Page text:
What You Should Know Now About The Affordable Care Act


Though it’s a hot-button topic right now, the health care reform initiative known as the Affordable Care Act (ACA), also dubbed ‘Obamacare,’ was actually signed into law back in 2010. While Congress battles it out with its attempts to repeal, delay, and defund certain provisions, many Americans are stuck trying to sort out the basics by themselves.

 Affordable Care Act

Here are the answers to the top 5 most commonly asked questions about the Affordable Care Act program:

1- When does this take effect/when does coverage start?

Open enrollment is here—it started on October 1st and continues through March 31st, 2014. If you enroll before the end of this year you should have coverage. If you enroll early next year, the coverage should start a month after enrollment.

2- What’s the real cost? 

Not an easy, straightforward answer here. Age, geography, and lifestyle factors (including tobacco use) will all play a role in how much you pay for your health insurance. With the marketplace now open (as of October 1st) you should be able to get insights into costs and savings. You can also get an approximation of costs through the Kaiser Family Foundation’s ‘costs and savings calculator.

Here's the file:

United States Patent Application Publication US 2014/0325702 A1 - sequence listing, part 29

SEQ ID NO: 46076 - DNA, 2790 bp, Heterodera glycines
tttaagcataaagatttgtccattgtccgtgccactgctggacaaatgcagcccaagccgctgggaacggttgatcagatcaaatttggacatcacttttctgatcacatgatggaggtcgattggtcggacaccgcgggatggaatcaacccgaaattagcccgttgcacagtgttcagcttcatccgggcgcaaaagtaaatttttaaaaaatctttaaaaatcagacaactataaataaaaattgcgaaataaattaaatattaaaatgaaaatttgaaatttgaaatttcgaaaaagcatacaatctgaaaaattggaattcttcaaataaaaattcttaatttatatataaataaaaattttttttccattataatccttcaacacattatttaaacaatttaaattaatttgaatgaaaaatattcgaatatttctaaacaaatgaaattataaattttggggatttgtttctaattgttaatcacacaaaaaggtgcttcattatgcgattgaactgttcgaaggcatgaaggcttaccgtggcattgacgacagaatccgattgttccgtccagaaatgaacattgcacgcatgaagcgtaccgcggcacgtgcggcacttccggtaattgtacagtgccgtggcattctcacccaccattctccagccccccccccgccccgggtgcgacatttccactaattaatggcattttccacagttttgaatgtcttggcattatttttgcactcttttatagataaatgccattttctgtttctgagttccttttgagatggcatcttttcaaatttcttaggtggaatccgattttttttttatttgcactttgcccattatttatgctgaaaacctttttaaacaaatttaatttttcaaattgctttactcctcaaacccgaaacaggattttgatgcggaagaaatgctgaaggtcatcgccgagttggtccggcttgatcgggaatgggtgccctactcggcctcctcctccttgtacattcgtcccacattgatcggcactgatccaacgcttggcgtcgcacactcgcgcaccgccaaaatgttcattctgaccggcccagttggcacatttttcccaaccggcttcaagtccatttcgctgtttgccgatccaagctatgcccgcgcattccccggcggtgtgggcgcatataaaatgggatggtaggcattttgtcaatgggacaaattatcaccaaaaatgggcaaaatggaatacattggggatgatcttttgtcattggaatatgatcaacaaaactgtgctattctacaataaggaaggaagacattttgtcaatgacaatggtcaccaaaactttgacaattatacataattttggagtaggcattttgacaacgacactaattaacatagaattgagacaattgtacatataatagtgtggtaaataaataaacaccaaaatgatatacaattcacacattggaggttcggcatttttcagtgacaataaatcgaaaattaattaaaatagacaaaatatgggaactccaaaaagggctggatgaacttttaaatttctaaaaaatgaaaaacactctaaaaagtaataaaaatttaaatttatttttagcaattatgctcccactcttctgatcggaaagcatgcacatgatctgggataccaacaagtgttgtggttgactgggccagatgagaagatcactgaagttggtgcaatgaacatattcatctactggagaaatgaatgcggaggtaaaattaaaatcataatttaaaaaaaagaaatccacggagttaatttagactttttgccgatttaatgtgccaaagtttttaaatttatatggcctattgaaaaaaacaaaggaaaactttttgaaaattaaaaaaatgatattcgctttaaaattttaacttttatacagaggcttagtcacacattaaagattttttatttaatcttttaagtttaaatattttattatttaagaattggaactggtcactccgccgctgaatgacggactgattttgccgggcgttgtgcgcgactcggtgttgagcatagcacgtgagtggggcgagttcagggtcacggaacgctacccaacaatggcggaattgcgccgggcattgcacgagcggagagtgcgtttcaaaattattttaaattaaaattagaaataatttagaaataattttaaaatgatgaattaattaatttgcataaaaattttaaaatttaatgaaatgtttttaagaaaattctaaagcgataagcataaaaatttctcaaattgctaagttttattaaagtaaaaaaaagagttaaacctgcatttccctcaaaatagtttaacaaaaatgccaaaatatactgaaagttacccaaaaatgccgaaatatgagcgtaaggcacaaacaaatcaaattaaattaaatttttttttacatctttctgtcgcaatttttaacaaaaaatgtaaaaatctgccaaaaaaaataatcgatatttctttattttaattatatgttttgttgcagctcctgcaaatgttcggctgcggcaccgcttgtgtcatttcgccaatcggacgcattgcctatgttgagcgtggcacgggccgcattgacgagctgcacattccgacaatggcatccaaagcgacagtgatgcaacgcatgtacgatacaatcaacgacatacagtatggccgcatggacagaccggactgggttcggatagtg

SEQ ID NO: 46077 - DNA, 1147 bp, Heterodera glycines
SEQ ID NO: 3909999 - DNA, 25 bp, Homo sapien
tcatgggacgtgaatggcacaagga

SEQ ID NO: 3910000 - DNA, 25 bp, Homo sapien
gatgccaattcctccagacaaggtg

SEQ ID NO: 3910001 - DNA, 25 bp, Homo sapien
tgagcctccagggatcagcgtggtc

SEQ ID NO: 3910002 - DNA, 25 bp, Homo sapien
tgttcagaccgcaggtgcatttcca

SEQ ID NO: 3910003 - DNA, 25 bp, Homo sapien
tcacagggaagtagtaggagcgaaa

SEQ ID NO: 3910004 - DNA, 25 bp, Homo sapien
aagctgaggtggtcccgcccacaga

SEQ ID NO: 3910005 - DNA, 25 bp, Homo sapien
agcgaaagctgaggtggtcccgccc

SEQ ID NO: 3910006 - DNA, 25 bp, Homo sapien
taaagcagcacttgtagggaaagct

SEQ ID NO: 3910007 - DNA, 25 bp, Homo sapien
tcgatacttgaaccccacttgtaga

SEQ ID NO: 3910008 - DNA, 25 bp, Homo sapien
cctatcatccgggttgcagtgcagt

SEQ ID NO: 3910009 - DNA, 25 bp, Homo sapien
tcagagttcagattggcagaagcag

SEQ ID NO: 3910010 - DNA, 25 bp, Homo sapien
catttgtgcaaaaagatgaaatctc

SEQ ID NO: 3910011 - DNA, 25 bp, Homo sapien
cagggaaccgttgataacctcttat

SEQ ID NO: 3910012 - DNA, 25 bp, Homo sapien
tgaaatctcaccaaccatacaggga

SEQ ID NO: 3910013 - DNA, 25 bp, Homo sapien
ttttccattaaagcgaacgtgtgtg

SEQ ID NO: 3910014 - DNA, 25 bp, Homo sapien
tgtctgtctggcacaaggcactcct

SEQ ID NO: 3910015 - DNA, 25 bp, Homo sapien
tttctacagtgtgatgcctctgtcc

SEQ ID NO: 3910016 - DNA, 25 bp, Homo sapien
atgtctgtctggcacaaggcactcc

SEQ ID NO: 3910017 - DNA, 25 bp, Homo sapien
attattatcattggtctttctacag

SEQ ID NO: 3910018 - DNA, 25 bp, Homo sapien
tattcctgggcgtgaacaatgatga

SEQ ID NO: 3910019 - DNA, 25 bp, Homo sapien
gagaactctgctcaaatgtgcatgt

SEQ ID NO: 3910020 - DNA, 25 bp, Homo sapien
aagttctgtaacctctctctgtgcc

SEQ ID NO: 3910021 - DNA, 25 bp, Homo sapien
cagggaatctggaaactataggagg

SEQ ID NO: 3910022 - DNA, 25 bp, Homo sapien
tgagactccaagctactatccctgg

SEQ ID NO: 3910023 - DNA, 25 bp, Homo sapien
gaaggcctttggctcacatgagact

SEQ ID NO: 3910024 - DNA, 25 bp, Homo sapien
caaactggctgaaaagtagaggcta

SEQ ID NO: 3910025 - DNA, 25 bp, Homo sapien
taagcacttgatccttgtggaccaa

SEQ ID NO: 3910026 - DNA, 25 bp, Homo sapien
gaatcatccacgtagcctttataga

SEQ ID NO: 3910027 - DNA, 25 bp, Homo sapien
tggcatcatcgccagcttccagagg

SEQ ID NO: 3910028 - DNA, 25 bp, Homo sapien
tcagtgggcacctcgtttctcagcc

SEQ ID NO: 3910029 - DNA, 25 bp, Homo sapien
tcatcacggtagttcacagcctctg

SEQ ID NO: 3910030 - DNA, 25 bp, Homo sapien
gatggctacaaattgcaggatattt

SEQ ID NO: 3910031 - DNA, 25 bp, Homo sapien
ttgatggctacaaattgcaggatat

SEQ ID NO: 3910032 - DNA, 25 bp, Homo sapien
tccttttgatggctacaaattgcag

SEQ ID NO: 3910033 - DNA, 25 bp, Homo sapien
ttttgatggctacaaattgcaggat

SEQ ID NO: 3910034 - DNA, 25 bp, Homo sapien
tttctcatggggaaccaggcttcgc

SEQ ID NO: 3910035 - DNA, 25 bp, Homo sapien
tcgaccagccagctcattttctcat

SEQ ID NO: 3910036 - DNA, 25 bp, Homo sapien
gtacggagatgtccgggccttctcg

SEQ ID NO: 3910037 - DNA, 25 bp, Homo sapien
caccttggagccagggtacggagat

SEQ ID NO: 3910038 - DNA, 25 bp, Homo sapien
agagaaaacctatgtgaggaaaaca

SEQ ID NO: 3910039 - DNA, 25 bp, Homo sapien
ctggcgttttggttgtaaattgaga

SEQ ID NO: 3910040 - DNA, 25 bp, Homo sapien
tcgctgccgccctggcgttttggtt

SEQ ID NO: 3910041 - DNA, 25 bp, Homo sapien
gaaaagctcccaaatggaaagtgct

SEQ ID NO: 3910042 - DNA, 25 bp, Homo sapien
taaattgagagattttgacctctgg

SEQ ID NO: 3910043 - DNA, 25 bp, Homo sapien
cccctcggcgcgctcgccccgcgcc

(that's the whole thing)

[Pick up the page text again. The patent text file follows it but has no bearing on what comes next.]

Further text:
3- Can you keep the insurance you already have through your job?

This one is easy; you can keep your current coverage if you want to. You may also have the option to change to Marketplace coverage if you choose to

4- What is considered a ‘grandfathered health plan’ and does mine qualify?

If you’re currently covered by a plan that existed prior to the March 2010 legislation,  it may be ‘grandfathered.’ What you need to find out is whether or not your grandfathered plan meets the proposed rights and protections offered by the Marketplace plans. Check with your employer’s benefits manager to find out. For more information on the specifics.

5- Will ACA cover people with pre-existing conditions?

Yes. According to the mandate, beginning in 2014 people with pre-existing conditions cannot be denied health insurance. The exception here is the aforementioned ‘grandfathered’ insurance plans.

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